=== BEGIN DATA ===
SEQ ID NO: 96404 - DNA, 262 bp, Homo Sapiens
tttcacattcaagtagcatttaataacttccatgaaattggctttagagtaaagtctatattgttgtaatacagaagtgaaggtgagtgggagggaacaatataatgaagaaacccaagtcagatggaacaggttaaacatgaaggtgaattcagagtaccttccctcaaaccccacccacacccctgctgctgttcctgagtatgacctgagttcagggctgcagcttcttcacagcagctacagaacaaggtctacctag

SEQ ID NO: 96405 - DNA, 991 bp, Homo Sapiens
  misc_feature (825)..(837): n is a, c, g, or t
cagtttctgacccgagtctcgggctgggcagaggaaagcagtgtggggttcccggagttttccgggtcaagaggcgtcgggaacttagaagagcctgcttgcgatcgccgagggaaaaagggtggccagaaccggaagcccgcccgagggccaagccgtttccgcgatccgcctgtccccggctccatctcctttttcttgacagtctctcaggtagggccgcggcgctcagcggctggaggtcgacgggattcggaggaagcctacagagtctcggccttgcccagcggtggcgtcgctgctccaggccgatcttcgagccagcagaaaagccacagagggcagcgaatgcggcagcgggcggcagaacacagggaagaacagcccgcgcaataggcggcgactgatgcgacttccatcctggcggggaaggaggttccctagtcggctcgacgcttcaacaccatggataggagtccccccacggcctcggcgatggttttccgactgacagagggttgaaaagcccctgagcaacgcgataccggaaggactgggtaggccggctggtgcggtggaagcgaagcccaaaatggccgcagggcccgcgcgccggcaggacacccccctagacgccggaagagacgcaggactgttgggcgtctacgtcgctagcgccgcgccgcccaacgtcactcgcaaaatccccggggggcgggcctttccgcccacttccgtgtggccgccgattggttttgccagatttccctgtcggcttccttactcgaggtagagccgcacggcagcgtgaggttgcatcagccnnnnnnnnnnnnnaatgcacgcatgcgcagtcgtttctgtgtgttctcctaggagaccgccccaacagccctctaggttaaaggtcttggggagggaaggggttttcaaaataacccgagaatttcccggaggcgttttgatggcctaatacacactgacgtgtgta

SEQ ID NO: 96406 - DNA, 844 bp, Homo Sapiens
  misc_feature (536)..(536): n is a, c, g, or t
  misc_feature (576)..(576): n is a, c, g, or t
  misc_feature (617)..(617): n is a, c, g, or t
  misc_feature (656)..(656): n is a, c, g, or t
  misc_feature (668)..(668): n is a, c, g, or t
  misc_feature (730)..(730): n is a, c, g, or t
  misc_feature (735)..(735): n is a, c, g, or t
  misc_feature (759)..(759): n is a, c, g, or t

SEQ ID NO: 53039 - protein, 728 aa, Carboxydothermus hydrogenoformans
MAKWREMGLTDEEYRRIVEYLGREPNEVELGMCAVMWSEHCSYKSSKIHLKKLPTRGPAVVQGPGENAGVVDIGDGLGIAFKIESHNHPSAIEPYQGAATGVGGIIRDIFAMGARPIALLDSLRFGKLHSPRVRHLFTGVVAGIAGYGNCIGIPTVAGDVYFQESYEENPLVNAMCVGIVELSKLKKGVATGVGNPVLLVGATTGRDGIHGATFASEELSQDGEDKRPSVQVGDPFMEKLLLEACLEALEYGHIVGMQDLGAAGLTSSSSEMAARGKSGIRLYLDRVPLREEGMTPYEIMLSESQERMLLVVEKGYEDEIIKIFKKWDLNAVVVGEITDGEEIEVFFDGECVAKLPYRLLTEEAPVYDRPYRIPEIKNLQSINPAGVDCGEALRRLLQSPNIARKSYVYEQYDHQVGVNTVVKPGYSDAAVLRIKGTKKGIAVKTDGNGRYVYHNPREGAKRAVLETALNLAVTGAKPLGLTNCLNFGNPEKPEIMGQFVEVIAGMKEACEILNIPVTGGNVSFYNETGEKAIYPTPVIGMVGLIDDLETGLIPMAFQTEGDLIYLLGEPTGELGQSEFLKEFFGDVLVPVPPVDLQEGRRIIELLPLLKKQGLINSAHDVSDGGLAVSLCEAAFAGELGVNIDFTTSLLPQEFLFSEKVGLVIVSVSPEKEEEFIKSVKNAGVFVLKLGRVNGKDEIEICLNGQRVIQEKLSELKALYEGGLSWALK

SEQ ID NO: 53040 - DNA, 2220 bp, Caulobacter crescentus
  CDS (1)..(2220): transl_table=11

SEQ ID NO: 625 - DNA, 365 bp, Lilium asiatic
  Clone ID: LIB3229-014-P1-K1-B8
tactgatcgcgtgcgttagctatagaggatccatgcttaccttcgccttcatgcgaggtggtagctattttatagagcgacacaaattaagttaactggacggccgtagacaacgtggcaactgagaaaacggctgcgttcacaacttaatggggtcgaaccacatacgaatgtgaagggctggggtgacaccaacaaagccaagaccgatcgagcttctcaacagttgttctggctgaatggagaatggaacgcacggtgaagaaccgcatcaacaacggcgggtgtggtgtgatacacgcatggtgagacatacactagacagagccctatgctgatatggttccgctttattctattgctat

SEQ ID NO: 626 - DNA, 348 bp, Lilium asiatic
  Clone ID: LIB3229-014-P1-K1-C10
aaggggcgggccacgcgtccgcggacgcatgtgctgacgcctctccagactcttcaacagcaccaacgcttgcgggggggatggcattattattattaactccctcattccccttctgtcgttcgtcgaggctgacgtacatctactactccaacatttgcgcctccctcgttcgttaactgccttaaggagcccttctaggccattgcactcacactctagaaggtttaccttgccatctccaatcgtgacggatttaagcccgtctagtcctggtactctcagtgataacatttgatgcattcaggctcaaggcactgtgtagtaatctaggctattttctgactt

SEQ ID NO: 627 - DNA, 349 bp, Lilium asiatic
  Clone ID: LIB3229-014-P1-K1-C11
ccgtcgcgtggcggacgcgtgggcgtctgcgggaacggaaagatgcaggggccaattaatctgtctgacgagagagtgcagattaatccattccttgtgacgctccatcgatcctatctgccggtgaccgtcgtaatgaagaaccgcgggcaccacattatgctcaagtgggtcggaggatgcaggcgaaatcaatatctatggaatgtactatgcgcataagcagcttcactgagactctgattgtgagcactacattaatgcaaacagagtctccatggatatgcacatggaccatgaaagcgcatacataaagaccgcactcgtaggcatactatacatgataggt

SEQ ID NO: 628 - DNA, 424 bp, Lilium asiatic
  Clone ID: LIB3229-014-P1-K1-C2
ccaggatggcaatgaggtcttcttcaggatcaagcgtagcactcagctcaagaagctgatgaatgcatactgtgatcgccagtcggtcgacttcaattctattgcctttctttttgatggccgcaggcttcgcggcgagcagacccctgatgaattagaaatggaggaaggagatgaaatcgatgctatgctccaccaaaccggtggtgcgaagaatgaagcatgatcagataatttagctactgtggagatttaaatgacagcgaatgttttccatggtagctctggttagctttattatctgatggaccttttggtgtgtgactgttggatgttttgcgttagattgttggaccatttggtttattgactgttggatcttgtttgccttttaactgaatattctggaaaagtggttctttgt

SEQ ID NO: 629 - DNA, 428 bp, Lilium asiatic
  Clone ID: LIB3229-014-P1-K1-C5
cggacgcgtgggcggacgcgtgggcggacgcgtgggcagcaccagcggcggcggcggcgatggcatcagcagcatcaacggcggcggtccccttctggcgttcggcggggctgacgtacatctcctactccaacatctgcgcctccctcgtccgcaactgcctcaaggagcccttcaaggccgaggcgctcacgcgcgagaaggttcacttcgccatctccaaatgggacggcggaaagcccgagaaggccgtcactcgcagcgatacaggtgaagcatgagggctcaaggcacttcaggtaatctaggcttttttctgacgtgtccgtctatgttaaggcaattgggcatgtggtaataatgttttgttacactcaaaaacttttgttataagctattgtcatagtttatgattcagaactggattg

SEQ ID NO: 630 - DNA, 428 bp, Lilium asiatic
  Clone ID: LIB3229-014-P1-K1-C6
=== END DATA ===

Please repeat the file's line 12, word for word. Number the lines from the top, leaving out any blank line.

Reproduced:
  misc_feature (730)..(730): n is a, c, g, or t